American Literature of the Sea and Great Lakes
[SLEEPER, JOHN SHERBURNE], “HAWSER MARTINGALE” (1794-1878). An author and journalist from New England, John Sherburne Sleeper first went to sea in 1809 as a cabin boy and assumed his first command in 1821. By 1825 he was captain of an East Indiaman, and he spent much of his career in merchant service out of Boston. After retiring from the sea in 1830, he began working in the printing industry, publishing and editing several newspapers in Lowell and Boston. Using the pseudonym “Hawser Martingale,” Sleeper published several books that fictionalized his adventures at sea. His early stories, serialized in the newspapers he edited, focused on the deadly combination of drunkenness and mutiny* at sea; given the opportunity, Sleeper rarely failed to preach moral reform and temperance. When he avoided moralizing, Sleeper’s humor could illustrate the vitality and comedic aspects of life at sea.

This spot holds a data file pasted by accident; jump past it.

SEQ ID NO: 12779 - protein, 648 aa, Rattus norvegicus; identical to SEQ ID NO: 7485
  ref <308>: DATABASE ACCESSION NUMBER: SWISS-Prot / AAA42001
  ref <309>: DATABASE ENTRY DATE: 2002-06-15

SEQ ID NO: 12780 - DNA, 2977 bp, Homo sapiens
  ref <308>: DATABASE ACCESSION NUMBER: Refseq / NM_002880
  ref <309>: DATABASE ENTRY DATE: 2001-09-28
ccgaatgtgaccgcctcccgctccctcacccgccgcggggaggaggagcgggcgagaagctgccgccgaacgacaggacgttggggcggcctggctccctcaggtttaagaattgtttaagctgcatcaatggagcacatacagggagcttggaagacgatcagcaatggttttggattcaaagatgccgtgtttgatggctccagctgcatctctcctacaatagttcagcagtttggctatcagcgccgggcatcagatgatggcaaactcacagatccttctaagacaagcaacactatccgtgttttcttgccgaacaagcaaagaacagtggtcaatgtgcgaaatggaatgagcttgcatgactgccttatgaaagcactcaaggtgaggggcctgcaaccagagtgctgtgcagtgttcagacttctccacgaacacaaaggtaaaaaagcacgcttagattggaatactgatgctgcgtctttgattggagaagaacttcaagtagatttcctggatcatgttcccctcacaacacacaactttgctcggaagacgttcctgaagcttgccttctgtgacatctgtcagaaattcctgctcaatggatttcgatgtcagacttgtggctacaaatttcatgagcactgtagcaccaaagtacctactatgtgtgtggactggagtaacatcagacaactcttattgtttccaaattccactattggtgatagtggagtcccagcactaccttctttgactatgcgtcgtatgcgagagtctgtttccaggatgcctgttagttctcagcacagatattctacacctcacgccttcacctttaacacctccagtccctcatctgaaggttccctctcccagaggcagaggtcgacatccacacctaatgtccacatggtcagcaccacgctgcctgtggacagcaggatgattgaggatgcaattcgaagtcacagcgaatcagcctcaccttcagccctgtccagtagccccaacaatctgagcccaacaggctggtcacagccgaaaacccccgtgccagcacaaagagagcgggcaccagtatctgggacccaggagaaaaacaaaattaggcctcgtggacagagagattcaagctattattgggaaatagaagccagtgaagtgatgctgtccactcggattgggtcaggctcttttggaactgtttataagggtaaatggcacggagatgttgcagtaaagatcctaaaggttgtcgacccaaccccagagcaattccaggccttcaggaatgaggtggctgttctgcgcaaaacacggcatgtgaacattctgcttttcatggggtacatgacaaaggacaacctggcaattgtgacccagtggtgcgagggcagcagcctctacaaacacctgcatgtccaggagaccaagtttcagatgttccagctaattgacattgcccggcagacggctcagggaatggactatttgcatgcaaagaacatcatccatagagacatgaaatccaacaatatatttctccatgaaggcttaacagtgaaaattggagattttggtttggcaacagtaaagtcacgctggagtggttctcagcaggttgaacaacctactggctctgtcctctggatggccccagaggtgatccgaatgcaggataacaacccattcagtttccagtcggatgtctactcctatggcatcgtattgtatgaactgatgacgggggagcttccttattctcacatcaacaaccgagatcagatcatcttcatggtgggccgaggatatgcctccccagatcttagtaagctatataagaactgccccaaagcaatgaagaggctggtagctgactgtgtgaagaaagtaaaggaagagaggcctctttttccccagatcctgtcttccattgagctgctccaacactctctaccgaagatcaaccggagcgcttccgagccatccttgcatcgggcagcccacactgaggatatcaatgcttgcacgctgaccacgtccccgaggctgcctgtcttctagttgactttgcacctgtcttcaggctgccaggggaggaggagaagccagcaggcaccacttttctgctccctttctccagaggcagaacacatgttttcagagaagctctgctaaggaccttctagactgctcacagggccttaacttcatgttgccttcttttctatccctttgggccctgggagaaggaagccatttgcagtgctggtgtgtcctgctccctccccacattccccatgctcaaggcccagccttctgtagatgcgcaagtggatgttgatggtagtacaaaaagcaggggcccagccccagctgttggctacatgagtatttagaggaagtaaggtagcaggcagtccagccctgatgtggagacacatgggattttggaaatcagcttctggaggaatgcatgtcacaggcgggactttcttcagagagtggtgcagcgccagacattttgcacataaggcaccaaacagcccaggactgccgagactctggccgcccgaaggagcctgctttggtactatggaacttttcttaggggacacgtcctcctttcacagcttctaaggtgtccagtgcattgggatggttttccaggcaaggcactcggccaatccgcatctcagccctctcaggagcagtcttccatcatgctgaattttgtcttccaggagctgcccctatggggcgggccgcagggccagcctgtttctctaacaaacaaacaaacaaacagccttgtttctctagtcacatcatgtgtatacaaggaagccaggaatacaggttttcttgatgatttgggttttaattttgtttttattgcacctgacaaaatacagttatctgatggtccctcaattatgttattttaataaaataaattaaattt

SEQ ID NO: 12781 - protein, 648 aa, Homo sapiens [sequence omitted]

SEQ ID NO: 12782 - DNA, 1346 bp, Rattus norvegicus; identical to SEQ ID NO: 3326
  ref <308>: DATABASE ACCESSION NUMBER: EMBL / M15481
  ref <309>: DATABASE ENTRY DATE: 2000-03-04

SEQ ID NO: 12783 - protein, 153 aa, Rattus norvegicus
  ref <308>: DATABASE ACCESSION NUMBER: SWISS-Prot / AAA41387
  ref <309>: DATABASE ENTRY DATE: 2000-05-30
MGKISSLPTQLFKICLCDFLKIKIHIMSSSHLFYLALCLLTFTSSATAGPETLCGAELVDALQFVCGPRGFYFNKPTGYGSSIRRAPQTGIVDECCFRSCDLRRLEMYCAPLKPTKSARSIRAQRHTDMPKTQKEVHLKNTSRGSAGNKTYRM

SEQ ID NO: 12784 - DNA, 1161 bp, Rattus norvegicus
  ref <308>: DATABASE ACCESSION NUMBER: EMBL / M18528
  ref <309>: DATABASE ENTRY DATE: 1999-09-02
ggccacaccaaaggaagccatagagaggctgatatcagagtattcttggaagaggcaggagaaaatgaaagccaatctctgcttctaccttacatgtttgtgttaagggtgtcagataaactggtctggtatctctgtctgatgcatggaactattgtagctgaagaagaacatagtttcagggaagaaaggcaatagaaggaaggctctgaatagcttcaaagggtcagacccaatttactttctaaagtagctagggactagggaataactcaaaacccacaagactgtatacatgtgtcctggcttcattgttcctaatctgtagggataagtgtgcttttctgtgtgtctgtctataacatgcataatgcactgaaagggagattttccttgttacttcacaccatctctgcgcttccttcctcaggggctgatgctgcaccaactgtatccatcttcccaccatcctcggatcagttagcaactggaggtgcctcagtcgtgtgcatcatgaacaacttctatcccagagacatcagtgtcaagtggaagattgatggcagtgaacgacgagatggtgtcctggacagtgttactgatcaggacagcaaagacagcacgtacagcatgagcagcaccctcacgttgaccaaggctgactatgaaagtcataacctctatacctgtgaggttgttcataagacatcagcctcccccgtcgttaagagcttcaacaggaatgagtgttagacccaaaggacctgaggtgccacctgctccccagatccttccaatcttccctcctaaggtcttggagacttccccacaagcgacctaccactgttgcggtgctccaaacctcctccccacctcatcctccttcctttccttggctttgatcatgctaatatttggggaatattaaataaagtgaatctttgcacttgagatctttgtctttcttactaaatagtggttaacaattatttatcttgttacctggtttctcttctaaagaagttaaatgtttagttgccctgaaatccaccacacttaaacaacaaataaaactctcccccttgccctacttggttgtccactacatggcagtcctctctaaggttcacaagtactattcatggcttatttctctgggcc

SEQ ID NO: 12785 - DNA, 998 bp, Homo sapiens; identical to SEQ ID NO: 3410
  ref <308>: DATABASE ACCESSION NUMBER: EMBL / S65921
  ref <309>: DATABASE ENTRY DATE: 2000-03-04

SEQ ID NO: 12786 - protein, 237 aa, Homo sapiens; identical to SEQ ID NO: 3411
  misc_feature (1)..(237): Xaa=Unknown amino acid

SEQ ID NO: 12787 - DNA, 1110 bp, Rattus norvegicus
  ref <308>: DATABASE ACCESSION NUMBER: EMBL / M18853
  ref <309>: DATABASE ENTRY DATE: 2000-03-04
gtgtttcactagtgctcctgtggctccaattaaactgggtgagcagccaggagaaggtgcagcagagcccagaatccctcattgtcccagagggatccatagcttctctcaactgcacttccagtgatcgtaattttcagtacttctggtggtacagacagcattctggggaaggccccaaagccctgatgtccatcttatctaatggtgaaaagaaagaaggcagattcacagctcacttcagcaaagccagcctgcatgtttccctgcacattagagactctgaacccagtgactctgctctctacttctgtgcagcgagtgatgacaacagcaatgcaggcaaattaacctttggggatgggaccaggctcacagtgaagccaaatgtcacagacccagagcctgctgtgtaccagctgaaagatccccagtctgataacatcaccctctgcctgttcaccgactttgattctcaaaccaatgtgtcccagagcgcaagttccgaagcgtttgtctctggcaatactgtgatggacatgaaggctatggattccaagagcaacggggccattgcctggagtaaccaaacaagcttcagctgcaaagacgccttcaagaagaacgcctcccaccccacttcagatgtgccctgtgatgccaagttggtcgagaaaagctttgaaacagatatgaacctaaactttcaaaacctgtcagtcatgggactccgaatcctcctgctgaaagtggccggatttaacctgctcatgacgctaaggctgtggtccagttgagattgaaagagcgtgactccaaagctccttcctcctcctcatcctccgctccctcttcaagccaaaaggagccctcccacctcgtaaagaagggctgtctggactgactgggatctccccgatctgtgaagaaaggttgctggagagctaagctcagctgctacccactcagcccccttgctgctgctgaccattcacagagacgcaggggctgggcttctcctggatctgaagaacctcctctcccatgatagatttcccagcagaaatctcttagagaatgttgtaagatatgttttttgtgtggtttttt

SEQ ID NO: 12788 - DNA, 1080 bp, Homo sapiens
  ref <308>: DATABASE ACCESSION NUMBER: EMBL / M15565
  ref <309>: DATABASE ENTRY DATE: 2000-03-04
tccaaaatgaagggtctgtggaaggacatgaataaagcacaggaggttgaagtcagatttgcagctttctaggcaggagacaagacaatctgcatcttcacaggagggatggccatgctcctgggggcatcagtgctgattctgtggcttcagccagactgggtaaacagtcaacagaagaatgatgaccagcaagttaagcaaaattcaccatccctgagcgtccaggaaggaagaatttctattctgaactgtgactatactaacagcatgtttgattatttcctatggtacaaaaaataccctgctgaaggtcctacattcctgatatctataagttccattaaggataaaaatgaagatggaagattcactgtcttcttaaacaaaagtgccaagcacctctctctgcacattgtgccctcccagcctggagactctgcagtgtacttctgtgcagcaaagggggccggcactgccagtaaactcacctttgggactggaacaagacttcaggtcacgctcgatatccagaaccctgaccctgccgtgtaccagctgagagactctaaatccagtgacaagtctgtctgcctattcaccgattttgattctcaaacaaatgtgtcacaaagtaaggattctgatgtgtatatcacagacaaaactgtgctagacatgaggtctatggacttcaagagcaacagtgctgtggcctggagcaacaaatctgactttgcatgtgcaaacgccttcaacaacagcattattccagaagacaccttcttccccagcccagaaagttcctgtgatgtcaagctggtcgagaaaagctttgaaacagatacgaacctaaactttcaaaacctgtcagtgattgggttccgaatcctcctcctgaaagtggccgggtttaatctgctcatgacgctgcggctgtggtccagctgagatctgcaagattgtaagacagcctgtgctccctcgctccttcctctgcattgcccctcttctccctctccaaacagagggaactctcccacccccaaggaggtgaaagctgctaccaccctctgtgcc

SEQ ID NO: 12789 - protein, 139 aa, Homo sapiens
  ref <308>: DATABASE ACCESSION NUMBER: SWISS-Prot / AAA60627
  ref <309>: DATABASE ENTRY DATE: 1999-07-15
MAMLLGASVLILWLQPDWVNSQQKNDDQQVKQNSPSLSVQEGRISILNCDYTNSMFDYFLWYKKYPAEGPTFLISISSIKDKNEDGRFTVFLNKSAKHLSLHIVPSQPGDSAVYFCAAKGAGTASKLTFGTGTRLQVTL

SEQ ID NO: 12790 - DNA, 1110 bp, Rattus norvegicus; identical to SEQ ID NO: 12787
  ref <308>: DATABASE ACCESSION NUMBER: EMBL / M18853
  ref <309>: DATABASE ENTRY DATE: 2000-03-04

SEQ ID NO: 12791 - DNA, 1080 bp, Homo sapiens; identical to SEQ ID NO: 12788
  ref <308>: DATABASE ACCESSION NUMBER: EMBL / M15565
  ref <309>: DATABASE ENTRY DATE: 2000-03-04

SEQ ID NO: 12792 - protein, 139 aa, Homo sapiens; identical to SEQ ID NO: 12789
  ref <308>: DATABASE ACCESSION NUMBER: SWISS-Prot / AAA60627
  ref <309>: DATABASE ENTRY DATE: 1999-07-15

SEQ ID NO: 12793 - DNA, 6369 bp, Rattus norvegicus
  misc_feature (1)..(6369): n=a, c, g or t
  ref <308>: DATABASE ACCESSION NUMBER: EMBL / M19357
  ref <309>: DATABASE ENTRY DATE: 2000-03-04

Sleeper’s first book, Tales of the Ocean (1842), is a collection of stories that draw from his time as a sailor. One story, “Impressment of Seamen,” was the source for the incident in Herman Melville’s* White-Jacket* (1850) in which White Jacket, threatened with flogging, considered hurtling himself at Captain Claret and sending them both into the ocean. In Sleeper’s story, the flogged sailor actually threw himself and the captain overboard. Sleeper’s other works include the autobiographical Jack in the Forecastle (1860) and the novel Mark Rowland (1867), which includes the story of a sperm whale’s ramming a whaler.
Peter H. McCracken